Congestion pricing was killed the way many policy proposals die in Albany: behind closed doors.
In 2008, Assembly Democrats revolted against the inititive championed by Mayor Michael Bloomberg because it included East River tolls, which critics said would disproptionately affect residents of Brooklyn and Queens.
"It's really, really difficult for people in Brooklyn and Queens at this point to consider something like this. And I think we just need to start from the ground up all over again," Assemblywoman Cathy Nolan of Queens said at the time.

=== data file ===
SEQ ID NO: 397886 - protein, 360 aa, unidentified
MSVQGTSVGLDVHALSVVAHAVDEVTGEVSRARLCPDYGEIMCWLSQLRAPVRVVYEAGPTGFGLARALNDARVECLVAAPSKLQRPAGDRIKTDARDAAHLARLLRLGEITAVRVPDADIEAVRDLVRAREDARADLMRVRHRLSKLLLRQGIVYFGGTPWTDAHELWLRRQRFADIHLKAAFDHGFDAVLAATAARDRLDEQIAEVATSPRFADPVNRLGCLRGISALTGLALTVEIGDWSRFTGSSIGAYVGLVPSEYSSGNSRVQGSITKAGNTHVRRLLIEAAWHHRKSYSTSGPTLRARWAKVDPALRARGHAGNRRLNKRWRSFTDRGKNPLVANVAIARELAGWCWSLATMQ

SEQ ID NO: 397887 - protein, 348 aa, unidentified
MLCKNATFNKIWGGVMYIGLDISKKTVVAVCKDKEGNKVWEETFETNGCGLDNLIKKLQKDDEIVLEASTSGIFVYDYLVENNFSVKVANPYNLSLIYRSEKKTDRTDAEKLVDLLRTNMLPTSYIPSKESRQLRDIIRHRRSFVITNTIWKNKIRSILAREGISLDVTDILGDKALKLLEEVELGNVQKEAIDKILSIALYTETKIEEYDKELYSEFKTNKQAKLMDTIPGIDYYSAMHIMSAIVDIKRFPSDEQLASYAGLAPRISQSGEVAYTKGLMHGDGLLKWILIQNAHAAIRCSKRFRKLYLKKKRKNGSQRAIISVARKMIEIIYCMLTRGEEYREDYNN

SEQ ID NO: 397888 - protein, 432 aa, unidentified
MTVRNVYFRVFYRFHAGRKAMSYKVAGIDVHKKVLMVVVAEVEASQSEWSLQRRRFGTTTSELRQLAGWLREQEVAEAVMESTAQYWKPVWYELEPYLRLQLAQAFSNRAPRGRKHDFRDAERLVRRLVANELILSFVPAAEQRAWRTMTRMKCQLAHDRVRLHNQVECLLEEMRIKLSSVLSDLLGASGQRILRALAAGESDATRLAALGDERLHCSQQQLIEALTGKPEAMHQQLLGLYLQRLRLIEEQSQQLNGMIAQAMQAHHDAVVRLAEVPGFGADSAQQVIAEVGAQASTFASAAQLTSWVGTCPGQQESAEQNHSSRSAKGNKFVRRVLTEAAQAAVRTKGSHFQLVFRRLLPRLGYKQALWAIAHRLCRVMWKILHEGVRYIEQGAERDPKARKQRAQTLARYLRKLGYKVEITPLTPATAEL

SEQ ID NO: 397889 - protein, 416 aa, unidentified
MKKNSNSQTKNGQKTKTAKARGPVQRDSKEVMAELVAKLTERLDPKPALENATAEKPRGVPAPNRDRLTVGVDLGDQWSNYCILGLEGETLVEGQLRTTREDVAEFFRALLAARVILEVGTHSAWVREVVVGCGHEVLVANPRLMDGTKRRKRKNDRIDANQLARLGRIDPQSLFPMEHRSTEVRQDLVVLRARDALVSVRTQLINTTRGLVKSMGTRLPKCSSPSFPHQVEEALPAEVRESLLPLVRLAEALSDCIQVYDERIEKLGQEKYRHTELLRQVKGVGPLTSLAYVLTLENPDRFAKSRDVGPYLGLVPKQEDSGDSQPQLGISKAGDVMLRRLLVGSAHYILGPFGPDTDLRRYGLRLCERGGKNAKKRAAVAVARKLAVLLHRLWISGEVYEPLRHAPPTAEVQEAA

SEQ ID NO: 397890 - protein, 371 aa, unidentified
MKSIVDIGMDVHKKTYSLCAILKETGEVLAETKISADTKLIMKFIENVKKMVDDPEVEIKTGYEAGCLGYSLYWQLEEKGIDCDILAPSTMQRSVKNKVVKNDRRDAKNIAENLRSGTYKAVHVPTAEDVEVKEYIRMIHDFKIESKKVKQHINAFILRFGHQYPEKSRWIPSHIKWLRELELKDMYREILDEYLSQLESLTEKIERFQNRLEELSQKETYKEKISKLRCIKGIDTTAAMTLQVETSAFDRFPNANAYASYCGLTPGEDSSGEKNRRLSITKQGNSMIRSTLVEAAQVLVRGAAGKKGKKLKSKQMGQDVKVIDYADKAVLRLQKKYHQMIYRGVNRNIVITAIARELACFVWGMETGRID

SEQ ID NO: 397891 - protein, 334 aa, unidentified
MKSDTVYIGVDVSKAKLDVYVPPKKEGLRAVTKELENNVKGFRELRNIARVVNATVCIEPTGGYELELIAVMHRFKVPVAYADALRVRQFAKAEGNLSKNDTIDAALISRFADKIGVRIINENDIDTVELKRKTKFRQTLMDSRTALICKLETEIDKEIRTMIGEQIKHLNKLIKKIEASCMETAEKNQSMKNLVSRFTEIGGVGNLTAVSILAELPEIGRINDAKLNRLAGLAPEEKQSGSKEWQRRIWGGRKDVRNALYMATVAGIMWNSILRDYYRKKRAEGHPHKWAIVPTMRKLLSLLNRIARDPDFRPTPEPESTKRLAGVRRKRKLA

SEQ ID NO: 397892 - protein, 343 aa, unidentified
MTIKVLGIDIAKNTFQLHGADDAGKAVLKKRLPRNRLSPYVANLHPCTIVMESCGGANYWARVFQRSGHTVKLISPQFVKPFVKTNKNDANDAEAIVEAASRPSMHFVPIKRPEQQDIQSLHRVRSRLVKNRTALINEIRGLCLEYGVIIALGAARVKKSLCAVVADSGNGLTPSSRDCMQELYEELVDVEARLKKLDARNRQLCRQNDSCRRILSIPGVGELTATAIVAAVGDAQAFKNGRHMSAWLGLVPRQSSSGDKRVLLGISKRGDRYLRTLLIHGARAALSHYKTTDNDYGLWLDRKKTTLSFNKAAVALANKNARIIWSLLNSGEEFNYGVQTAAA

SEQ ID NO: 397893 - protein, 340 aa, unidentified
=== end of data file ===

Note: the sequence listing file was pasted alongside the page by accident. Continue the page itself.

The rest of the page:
But with the subways in crisis and searching for a dedicated funding source, congestion pricing could be resurrected. Sources say Governor Andrew Cuomo is considering supporting a plan that would charge fees on for-hire vehicles like Uber and Lyft.
But lawmakers outside of Manhattan are still wary.
"Residents in New York want mass transit options. They don't want a financial burden. And they don't want to keep reaching into their pockets," said Assemblywoman Nily Rozic of Queens.